5 Reasons to Automate Campus Mail Delivery

College students with backpacks approaching school building
Written by Tritek Blog on October 14, 2022 in General

Campus mail center employees spend most of their time sorting incoming mail and attempting to deliver it to recipients scattered over a large geographical area. This is especially true now that many students and instructors are studying or teaching from home. Automated, rules-based sortation and electronic mail delivery can slash a university’s dependence on mail center staffers while simultaneously speeding up mail delivery.

A student’s residence is often difficult to pin down, especially when they move to off-campus housing. That challenge increased dramatically with the remnants of COVID-19 still with us and at-home learning. Delivering to faculty, staff, and students is a guessing game, yet packages and mail continue to arrive. The key to keeping the campus mail center functioning is automation.

Here are five factors motivating campus mail center administrators to seek automated mail delivery solutions for the educational institutions they serve.

  1. Space Challenges
    The dilemma for college mail centers is optimizing floor space while maintaining timely notification of package or mail arrival. Volume is shifting from letters to packages. Packages take up space and need manual handling. Knowing that mail is not going away anytime soon, how can colleges reduce mail’s footprint to make room for packages, yet still process correspondence? Automated inbound sortation technology is flexible enough to process mixed-weight mail, parcels, flats, and postcards. The equipment can enable more efficient package storage and retrieval while optimizing the space allocated to the facility.
  2. Digital Mail Replacing Hard Copy
    Digital delivery of hard copy postal mail is gaining wide acceptance in corporate mail centers. For businesses, digital mail delivery automates manual sorting and delivery. Corporate inbound mail is repetitive. It is usually a form or a standard response. Once opened, automated processes scan the envelope’s contents and send images electronically to the appropriate employee, even if the name on the envelope no longer matches the person holding the position. The automated system captures the recipient’s name and other information from the envelope and software looks up the employee’s email address. Cameras scan the front and back of the envelopes, date-stamp them, and send the images to the recipients.College mail differs from private business mail. However, much of the same technology now adopted by businesses can be effectively deployed to serve the students, professors, and staff at a college. University mail is personal. An envelope could contain a card from home with 20 dollars secretly folded inside. If it has a First-Class stamp, the mail center cannot open it.Rule editor software uses business rules created by university privacy administrators to control what mail the mail center can open and what stays sealed. The automated system scans the front and back of the envelopes and sends images to student phones. They can pick up their mail at any time.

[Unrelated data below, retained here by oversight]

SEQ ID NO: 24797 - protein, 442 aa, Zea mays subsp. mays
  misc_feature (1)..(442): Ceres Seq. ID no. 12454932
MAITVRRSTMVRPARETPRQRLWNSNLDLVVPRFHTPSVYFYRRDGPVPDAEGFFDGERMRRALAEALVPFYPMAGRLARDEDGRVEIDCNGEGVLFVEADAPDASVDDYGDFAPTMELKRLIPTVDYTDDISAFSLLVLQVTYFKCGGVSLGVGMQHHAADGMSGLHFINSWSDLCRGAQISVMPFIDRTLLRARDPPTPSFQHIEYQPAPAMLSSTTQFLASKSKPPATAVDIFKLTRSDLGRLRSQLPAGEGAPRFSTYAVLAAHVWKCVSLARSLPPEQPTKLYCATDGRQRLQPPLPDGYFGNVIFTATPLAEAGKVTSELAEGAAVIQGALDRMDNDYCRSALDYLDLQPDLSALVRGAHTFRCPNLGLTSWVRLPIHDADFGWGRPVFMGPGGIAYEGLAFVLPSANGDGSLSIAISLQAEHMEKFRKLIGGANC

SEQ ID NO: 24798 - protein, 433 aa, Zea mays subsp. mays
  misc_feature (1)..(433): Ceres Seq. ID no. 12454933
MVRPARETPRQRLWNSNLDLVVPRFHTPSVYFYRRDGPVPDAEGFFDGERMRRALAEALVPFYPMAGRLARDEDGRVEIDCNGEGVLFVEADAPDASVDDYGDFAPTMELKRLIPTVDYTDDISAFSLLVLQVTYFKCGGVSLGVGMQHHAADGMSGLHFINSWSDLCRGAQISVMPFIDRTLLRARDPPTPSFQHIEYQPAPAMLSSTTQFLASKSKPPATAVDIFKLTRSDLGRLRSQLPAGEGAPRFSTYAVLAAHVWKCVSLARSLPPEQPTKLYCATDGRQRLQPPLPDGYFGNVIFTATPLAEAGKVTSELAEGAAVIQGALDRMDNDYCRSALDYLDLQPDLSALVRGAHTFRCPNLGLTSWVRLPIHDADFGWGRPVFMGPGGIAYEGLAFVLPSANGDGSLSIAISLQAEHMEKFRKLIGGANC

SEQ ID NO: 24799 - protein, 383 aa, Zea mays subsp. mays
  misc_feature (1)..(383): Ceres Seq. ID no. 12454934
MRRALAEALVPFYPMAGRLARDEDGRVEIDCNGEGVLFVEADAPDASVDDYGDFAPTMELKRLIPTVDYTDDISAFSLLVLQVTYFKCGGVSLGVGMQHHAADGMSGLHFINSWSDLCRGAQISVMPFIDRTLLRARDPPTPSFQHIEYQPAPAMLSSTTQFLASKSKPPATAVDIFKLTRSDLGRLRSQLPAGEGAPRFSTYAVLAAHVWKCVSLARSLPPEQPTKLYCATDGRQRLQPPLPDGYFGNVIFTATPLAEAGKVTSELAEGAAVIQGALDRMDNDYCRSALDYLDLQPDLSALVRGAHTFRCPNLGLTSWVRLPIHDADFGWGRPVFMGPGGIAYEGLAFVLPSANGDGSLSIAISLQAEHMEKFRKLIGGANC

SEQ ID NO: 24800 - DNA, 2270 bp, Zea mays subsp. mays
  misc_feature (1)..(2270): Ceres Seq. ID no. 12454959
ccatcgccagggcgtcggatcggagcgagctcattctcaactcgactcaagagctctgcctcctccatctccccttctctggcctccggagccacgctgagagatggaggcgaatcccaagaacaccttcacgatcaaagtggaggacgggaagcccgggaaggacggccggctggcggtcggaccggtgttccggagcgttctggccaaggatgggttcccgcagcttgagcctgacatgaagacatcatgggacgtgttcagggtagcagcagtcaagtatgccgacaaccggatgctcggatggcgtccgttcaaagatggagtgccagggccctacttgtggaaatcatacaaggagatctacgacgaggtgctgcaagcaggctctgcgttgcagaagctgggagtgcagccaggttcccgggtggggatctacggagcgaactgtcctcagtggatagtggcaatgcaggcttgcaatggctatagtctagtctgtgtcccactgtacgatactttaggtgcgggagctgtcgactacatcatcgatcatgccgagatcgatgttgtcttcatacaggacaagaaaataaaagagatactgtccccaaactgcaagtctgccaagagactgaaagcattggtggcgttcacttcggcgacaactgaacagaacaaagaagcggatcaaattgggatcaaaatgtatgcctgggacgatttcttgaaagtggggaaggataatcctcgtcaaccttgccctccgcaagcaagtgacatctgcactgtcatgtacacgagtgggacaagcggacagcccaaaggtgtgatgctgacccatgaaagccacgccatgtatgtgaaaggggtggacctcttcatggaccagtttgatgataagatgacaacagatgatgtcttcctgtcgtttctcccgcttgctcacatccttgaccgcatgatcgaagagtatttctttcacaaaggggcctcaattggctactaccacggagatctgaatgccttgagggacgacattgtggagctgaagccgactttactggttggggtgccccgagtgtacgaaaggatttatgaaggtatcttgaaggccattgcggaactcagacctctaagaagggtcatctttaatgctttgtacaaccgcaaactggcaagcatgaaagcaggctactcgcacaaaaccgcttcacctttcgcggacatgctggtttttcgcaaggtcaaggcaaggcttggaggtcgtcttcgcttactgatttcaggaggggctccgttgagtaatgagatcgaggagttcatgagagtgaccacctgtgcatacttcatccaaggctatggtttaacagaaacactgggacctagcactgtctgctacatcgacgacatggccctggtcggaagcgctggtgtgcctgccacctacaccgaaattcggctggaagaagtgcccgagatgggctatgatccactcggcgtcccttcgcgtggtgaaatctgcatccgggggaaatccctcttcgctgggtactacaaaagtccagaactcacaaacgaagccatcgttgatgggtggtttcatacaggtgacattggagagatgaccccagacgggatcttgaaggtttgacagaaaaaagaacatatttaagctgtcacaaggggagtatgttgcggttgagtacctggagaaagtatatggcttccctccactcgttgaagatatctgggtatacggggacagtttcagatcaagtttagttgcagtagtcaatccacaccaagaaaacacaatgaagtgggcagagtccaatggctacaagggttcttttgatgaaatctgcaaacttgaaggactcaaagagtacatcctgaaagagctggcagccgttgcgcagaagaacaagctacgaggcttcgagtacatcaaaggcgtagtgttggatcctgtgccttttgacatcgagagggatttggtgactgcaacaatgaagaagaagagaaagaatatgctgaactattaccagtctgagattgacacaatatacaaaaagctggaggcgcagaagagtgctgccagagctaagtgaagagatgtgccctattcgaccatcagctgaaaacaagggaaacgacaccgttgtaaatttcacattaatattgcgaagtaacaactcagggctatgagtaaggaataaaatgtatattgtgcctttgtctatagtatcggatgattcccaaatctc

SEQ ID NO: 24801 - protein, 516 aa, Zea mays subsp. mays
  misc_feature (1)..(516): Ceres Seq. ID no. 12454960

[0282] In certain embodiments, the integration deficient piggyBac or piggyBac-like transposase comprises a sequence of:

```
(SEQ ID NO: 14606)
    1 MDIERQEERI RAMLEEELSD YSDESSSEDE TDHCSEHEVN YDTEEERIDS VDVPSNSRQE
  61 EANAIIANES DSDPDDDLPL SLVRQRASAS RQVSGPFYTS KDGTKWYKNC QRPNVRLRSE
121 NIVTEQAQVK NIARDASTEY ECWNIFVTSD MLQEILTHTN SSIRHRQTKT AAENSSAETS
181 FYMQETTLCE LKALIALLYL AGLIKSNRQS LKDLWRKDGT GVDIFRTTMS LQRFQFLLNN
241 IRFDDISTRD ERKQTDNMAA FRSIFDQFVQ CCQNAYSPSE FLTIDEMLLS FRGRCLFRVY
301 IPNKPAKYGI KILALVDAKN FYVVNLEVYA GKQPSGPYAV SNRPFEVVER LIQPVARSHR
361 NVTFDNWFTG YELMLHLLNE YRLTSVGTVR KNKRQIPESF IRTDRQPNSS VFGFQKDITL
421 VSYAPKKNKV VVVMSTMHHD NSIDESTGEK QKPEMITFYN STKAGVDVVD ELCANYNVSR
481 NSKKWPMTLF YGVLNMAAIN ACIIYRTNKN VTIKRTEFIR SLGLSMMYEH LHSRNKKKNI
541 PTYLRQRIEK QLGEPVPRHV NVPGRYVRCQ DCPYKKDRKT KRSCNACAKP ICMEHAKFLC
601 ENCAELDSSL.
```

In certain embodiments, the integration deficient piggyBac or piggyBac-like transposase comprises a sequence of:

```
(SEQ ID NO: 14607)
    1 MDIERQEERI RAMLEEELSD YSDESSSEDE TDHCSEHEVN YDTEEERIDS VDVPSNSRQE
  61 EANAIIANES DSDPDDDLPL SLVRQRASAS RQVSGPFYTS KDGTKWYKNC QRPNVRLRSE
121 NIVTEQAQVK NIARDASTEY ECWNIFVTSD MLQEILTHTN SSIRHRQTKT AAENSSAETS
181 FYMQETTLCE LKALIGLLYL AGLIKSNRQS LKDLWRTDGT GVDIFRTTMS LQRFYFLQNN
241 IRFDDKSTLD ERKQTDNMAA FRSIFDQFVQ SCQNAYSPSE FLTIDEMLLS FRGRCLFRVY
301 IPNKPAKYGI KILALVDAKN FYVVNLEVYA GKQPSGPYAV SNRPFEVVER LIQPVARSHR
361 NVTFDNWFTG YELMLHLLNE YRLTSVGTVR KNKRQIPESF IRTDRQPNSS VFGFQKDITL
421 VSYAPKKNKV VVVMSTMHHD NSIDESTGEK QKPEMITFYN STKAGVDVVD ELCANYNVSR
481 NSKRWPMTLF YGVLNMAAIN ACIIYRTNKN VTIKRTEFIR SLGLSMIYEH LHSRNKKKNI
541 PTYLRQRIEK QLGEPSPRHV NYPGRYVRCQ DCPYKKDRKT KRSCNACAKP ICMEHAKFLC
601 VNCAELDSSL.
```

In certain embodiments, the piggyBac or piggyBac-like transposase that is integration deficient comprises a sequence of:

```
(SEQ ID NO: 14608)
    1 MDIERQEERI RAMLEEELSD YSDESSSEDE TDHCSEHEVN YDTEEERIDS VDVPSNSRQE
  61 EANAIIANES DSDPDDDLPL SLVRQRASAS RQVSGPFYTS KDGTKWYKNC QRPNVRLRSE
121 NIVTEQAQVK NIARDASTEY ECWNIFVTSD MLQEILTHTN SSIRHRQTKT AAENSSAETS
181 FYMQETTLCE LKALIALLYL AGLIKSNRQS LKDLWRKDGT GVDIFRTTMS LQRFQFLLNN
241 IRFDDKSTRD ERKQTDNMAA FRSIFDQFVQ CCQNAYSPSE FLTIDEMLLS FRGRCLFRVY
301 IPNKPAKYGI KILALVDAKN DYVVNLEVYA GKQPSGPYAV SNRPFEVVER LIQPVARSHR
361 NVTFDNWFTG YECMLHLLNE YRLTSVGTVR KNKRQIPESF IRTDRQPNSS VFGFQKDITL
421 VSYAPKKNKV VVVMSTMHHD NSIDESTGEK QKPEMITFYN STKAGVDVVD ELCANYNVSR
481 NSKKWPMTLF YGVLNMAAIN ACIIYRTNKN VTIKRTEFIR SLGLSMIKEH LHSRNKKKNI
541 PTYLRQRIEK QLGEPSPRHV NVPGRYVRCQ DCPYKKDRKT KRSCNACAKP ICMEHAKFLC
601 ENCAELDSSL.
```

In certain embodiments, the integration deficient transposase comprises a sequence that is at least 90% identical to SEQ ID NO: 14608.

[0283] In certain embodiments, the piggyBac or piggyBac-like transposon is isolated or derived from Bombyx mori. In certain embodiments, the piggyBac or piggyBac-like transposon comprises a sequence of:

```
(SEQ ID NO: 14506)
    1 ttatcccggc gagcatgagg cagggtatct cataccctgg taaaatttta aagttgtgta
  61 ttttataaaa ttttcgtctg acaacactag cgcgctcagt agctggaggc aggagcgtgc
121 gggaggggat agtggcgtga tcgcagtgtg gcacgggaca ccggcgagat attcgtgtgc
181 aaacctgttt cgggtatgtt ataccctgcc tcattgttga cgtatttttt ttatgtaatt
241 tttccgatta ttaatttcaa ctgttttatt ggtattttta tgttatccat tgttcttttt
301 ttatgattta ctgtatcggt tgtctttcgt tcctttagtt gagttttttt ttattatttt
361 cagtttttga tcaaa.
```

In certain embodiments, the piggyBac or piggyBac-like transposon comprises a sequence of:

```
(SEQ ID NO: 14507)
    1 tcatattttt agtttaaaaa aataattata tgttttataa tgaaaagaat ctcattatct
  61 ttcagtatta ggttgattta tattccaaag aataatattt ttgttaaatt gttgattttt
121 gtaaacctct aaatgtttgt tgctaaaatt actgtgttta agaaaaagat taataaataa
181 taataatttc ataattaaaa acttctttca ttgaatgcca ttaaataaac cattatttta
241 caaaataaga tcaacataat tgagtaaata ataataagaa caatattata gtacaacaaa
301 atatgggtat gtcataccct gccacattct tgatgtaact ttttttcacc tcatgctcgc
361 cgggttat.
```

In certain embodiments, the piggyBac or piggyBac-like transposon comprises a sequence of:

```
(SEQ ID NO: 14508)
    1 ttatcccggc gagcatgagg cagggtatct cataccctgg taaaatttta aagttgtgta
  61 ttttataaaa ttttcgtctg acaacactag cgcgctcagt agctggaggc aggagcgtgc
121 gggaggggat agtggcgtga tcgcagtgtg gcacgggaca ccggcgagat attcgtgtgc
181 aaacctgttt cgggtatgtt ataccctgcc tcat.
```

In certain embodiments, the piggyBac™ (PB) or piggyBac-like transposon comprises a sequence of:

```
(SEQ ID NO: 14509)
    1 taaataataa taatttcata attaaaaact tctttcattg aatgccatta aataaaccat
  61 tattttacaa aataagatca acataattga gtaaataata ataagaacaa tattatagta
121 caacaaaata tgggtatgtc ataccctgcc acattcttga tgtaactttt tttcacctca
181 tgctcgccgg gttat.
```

3. Staffing Challenges
    The Printing Industries of America reported that 30%-50% of skilled workers in the industry will retire in less than ten years. Replacing these workers is a challenge. Vocational schools are not producing graduates with traditional print and mail processing skills. Hiring employees in any capacity is a struggle. Finding workers with an understanding of mail processing is rare. College mail centers must adopt automated inbound mail and parcel sorting to make up for the lack of staff.
  4. Centralization
    At most colleges, mail and parcel management is moving toward centralization. The traditional model is delivery directly to a dorm or office where staffers sort the mail into personal mailboxes. Dormitories, keep packages behind the desk until residents retrieve them. The chain of custody is lax. Today, the common carriers deliver to one building: the mail center. Students and staff receive an email or text to pick up their items.
  5. The Face of Mail Has Changed
    Legacy campus mail center designs, policies, and processes are not equipped to accommodate the transformation of the traditional mail stream. The demand for transactional and social mail has declined rapidly, while package volumes have grown exponentially. Higher education mail centers will reinvent themselves and embrace new technologies, such as alternative delivery and management solutions. Eventually, the nomenclature will change. The “mail center” will be known as the “service center” or a similar description. The evolved mail room will provide distribution of mail and packages to the campus community and also offer outbound shipping and printing services.

Tritek’s Inbound Mail Processing Systems for Universities
Customers use the Tritek rule editor software to apply business rules to inbound mail. The rules determine which mail to open and scan. Some envelopes are only externally scanned. The software directs envelopes and catalogs to bins for pickup. Our solution also includes the hardware. The hardware feeds, scans front-and-back, opens the envelope, and gathers mail into collection bins. Tritek’s line of mail and parcel sorters helps campus mail centers overcome space and staffing constraints and provides notification in a safe and secure environment.

Since 1988, Tritek has engineered patented, field-proven mailroom automation and document imaging solutions to improve productivity and mailroom efficiency. Tritek’s expanding menu of mail services includes biohazard screening, digital email delivery, database management, returned mail processing, inbound mail, presorted mail, and parcel processing. Tritek’s clients include Fortune 500 companies, government, educational institutions, financial services, healthcare, insurance, and fulfillment.